All in all, it was the usual byzantine out-of-context Morning News treatment of controversy. Were Mayes' comments deplorable or not? Just what did she say? Inquiring readers want to know--have the right to know. But the News didn't see fit to tell them.

Ripoff of the week
In her column last week, Laura Miller exposed the troubled past of DISD schoolteacher Deen Williamson--in the process, exposing The Dallas Morning News' lazy treatment of the affair.

News editors promptly dispatched schools reporter Larry Bleiberg, the staffer who had botched the story, to Abilene to scrounge around for a fresh angle. Unfortunately for Bleiberg, he didn't find one.

But that didn't deter Dallas' Only Daily. The News on Friday led its metro section with Bleiberg's rehash of Miller's column, headlined "DISD knew of teacher's troubles; Woman accused of racism lost earlier job, files show." The article, of course, contained not the slightest acknowledgement that the Observer had already published every bit of "news" it contained.

That pretense got a bit tricky when Bleiberg "reported" that while DISD documents show school officials here had known Williamson was asked to resign her job in Abilene, DISD administrator Robby Collins "said he had not seen the note until this week."

Unsaid: Collins had "seen" the document "this week" because Observer columnist Miller showed it to him.

If the News and Bleiberg were both shameless and arrogant in print--and they clearly were--the reporter made no bones about his journalistic debt while scrambling to follow up Miller's story. "She hit us pretty hard," Bleiberg whined to a journalist he contacted in Abilene.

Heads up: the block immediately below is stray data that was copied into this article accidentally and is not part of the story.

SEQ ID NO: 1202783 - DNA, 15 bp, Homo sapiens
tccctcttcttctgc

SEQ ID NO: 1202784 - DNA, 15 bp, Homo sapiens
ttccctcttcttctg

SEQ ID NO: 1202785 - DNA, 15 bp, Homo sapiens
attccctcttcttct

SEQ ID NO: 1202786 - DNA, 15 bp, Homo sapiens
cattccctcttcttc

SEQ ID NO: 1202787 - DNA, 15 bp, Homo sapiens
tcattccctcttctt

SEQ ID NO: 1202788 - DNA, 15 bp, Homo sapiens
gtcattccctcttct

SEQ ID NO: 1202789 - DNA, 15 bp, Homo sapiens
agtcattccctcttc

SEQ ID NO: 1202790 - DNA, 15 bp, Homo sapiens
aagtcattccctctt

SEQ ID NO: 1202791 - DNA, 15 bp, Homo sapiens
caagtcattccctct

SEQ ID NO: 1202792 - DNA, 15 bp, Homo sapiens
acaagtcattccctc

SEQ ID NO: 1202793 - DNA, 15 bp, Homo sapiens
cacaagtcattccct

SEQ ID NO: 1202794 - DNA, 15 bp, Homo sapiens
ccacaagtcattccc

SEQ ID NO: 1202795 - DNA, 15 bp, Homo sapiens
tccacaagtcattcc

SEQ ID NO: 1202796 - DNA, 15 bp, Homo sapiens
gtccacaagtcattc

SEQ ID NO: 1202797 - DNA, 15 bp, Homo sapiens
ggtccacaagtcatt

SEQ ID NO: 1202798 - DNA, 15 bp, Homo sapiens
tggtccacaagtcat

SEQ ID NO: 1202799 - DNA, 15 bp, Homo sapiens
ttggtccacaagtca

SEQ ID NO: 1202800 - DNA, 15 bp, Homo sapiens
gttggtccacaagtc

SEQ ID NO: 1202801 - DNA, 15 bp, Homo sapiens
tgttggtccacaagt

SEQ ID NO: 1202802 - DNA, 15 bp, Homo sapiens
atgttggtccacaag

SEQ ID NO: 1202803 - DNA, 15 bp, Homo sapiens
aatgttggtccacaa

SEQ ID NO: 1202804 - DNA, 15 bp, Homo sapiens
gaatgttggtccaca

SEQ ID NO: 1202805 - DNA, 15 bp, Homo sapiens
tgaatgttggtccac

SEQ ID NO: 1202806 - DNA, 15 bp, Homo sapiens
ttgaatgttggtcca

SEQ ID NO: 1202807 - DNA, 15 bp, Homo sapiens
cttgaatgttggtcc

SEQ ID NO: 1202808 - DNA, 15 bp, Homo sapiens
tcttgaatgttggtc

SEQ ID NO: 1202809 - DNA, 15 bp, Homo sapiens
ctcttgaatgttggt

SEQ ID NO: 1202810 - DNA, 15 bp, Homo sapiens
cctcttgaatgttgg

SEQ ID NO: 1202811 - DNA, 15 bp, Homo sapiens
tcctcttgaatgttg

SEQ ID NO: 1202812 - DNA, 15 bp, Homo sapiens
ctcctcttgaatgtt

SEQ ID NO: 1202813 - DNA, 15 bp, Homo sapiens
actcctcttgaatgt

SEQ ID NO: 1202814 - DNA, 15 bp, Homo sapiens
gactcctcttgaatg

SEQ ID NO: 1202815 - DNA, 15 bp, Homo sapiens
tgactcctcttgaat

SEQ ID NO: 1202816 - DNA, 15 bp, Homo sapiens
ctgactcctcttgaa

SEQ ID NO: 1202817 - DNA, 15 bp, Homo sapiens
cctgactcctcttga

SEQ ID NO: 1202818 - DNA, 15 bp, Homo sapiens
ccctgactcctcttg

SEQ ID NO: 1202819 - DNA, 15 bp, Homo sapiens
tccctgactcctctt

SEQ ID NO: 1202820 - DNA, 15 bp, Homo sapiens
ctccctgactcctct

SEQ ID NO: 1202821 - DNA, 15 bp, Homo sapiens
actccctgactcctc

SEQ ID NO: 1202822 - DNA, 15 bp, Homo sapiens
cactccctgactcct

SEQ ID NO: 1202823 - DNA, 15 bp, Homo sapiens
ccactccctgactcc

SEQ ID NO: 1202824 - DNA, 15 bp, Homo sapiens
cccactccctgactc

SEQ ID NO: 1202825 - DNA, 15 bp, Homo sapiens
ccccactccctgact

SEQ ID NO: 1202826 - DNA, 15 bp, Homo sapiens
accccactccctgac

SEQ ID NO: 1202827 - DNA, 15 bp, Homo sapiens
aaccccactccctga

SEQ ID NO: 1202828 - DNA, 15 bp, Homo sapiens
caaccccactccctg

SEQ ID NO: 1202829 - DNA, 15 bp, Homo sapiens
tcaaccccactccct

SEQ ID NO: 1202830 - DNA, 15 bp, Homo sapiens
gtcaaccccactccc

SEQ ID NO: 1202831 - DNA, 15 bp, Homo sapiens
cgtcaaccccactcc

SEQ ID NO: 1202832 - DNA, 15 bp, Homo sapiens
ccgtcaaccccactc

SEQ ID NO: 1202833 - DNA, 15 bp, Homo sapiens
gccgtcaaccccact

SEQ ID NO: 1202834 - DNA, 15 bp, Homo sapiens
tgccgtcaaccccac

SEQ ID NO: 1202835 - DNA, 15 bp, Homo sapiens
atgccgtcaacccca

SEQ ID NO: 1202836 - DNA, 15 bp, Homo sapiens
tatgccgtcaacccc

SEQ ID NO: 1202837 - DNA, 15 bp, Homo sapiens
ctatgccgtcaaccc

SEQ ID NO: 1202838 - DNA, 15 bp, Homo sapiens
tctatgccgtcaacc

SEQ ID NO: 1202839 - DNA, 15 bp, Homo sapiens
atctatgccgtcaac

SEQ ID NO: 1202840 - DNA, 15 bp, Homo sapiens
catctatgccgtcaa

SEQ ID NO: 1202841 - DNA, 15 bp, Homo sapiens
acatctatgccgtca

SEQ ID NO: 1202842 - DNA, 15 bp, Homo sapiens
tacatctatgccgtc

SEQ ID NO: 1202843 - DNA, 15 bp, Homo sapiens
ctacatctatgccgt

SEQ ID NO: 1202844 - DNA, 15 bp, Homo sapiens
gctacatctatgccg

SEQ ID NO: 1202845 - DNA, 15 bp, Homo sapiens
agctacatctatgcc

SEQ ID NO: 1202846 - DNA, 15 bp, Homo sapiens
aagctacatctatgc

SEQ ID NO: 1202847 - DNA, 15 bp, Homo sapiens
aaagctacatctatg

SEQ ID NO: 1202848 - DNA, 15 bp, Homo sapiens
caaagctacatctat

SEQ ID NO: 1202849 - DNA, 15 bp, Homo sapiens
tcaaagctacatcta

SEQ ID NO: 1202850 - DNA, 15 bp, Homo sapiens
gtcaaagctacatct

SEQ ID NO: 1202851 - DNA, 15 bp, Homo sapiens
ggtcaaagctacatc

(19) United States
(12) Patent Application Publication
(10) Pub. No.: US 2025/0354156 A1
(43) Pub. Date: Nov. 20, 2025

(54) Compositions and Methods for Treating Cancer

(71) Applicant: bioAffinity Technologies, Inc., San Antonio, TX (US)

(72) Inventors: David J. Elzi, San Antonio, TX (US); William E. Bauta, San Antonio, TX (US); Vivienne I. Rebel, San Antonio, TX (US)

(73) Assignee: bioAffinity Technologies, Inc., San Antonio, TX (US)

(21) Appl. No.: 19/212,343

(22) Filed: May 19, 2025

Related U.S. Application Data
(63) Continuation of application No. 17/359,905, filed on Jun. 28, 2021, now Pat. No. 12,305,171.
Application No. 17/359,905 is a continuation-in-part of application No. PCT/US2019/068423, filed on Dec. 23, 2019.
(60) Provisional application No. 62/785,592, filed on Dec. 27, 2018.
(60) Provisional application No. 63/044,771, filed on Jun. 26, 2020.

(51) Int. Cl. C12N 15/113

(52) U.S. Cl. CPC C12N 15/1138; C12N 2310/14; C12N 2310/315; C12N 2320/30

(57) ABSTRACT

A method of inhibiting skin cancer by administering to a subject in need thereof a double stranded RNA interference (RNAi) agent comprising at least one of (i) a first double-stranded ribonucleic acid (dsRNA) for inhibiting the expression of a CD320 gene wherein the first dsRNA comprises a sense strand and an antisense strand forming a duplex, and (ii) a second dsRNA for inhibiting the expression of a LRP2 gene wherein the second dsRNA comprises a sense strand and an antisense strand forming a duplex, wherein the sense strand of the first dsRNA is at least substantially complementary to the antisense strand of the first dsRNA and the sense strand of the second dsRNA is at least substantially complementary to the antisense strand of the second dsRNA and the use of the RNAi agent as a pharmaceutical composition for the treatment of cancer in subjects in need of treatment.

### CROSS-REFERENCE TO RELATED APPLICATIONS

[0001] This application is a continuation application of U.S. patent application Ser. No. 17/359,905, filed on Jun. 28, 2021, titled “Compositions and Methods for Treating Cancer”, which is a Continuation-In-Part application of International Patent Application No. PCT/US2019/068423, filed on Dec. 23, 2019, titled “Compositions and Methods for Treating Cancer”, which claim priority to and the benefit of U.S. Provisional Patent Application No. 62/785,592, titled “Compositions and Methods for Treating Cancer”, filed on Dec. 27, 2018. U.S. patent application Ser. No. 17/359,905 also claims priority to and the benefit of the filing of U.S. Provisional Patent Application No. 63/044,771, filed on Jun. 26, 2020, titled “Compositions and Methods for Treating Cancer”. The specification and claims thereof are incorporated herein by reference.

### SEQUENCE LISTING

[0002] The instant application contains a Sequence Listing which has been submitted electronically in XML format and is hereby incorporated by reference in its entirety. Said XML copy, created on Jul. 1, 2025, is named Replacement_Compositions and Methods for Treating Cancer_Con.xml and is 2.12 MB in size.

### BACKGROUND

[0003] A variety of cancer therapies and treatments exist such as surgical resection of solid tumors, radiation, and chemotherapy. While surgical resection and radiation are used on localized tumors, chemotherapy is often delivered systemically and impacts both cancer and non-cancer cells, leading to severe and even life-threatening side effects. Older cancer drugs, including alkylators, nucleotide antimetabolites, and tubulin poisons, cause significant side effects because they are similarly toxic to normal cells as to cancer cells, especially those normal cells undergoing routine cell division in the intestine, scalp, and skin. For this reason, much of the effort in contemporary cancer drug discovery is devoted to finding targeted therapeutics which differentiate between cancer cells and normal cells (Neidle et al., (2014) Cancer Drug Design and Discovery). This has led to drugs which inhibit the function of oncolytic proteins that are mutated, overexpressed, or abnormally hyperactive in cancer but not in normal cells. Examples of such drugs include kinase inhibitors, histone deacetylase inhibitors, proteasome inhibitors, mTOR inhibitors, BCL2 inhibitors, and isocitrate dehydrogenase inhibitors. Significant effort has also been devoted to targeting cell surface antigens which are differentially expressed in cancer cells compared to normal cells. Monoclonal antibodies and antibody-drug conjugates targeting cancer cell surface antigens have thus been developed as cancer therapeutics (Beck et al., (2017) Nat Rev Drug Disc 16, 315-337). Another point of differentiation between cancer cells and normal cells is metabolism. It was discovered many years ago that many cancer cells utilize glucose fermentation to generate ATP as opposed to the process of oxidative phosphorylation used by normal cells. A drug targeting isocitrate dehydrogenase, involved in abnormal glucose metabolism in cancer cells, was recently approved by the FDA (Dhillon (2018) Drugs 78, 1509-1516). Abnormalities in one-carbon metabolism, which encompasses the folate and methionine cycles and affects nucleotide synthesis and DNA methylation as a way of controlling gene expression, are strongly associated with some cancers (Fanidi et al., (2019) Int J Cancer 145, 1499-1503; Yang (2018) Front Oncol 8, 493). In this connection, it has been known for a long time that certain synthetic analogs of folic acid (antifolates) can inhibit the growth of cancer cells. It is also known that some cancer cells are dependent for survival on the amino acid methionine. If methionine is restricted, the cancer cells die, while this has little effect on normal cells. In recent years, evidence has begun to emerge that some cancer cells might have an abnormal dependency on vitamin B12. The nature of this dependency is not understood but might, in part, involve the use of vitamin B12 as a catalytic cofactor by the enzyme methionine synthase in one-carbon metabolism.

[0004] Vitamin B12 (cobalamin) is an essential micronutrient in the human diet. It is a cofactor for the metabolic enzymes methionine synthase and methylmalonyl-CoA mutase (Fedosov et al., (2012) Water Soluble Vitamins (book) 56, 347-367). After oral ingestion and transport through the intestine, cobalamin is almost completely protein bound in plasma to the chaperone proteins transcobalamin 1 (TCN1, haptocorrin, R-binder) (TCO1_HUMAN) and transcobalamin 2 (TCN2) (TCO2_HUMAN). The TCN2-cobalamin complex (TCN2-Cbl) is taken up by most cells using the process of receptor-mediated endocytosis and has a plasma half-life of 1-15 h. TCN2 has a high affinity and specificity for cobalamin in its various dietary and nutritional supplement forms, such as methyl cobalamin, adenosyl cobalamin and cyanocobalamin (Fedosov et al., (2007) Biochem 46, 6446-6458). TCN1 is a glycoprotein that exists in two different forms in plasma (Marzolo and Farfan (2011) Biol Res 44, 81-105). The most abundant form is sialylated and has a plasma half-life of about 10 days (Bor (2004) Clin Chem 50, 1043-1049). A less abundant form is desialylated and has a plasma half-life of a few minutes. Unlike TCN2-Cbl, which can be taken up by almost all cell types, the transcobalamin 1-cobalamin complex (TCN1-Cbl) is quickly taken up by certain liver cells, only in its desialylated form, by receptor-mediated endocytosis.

It's called competition, Larry.

One-hand thinking
The marketing wizards at the News have clearly stepped right in, as promised, to aid The Met.

The evidence is visible in this tasteful house ad--one of many--in the Met's November 1 issue for its new personals section: "Aren't you a little old to be practicing with your pillow?"

Selective reporting
How petty is The Dallas Morning News?
Let us recount one of the ways.

In each of the past three years, the Morning News has written a brief, routine story on the Dallas Bar Association's annual Stephen Philbin Awards for excellence in legal reporting.

In 1992, the News took the Division 1 prize for large newspapers. The headline on its 212-word story: "2 News reporters win award from Dallas Bar."

In 1994, the News again won the Division 1 prize. The headline on the 261-word story: "News reporters win Dallas Bar awards; Stories examined case against Gilmer officer."

In 1993, the News did not win the Division 1 prize. The Dallas Observer did. And while the 245-word story dutifully reported the award winners, the headline in the News focused on the keynote speaker: "Morales vows to ask legislators for stronger open-meeting laws."

Which brings us to October 20, 1995, when the News once again did not win the Division 1 prize. Once again, the Dallas Observer did.

And in 1995, Dallas' paper of record published not a word about the results of the Stephen Philbin Awards.